Mississippi’s office of state treasurer is a nuts-and-bolts job. As with several other offices in this state, it would be better suited to fill by appointment than election.
Surprisingly, this low-profile position has in recent years been a springboard to higher office for former political unknowns. Tate Reeves used it to move from the private sector into politics, a progression that he hopes will lead next week to the Governor’s Mansion. Reeves’ successor, Lynn Fitch, was already working in the public sector, but being treasurer — and all the free publicity she received from promoting the state’s college savings plans and returning unclaimed property — has lined her up to possibly become the state’s first female attorney general.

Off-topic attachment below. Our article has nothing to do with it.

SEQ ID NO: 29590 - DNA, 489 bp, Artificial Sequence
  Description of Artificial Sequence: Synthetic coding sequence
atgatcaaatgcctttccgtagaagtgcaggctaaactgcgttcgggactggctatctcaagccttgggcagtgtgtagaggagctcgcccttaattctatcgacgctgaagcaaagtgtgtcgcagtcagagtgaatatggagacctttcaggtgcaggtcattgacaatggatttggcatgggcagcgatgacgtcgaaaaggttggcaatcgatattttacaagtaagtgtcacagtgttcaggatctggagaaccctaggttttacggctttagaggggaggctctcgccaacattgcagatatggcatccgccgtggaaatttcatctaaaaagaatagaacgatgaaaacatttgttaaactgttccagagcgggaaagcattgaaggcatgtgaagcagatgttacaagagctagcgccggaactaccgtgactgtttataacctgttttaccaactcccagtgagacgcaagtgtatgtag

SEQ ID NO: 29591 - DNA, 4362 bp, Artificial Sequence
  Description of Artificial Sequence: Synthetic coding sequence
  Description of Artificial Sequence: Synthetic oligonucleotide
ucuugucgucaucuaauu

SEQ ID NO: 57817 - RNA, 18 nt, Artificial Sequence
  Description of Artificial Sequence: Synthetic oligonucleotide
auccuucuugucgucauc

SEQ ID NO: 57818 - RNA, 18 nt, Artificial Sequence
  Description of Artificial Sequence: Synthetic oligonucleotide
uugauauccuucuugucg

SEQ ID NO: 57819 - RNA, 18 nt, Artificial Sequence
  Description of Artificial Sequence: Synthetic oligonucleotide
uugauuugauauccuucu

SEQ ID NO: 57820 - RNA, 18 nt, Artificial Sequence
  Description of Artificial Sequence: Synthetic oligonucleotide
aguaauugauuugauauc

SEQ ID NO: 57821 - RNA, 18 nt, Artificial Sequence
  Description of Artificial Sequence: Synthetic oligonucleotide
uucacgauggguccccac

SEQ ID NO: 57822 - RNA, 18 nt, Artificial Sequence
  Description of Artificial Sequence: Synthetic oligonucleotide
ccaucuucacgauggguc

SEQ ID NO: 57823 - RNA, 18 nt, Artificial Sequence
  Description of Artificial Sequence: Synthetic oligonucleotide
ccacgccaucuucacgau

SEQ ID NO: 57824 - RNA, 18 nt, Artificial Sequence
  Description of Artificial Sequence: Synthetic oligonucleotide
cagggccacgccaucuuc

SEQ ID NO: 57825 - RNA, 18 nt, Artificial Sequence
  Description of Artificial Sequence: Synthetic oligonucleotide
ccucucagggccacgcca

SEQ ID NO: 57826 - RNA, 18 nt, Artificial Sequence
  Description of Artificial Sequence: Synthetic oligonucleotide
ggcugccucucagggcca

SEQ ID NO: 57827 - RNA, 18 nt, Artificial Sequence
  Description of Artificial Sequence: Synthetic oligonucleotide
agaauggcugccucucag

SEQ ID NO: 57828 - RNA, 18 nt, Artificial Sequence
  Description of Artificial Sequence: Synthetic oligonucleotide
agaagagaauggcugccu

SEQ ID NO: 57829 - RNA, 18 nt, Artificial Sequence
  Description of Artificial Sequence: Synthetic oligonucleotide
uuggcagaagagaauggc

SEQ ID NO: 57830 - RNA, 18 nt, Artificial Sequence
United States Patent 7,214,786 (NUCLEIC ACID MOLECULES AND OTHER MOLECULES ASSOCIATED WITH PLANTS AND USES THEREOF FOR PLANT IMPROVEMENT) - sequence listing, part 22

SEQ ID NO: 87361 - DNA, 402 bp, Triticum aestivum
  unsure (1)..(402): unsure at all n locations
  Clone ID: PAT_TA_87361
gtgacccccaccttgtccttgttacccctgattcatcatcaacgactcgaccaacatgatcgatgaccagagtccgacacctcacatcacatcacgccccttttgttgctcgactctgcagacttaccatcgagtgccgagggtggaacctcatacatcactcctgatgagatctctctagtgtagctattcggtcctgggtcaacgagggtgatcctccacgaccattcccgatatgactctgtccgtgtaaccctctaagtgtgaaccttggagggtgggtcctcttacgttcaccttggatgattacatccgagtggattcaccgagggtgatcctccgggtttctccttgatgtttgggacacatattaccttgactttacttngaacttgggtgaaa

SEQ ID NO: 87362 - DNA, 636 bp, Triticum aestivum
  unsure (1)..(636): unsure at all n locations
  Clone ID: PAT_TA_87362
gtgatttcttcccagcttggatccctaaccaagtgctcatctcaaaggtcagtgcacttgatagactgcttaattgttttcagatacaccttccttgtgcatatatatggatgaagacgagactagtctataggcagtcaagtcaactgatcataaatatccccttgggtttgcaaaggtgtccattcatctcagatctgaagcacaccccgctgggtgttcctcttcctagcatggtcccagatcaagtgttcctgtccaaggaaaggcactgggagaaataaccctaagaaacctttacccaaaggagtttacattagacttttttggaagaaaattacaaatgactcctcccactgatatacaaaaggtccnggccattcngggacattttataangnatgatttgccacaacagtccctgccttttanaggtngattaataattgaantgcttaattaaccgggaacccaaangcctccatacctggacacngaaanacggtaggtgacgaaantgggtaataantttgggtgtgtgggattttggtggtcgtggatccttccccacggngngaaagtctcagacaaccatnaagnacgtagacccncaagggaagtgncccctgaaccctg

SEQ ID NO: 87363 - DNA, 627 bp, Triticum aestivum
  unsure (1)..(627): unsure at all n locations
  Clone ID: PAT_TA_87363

David McRae, the Republican nominee for state treasurer, may have bigger political goals on his mind, too.
But when it comes to comparing his credentials with those of his Democratic opponent, former Bolton Alderwoman Addie Lee Green, there is no comparison.
McRae is imminently better qualified to manage the state’s cash, oversee those college savings plans, and sit on the board of the Public Employees’ Retirement System. A member of the family that used to own a chain of department stores in Mississippi and throughout the Southeast, he manages family investments for a living.
He’s invested heavily in becoming state treasurer, having loaned his campaign the bulk of the nearly $2 million he has raised. There are two ways to look at that. He may be buying his own election (Green has had only $3,000 to spend), but he also may be less beholden to contributors once in office.
We recommend McRae in next Tuesday’s general election.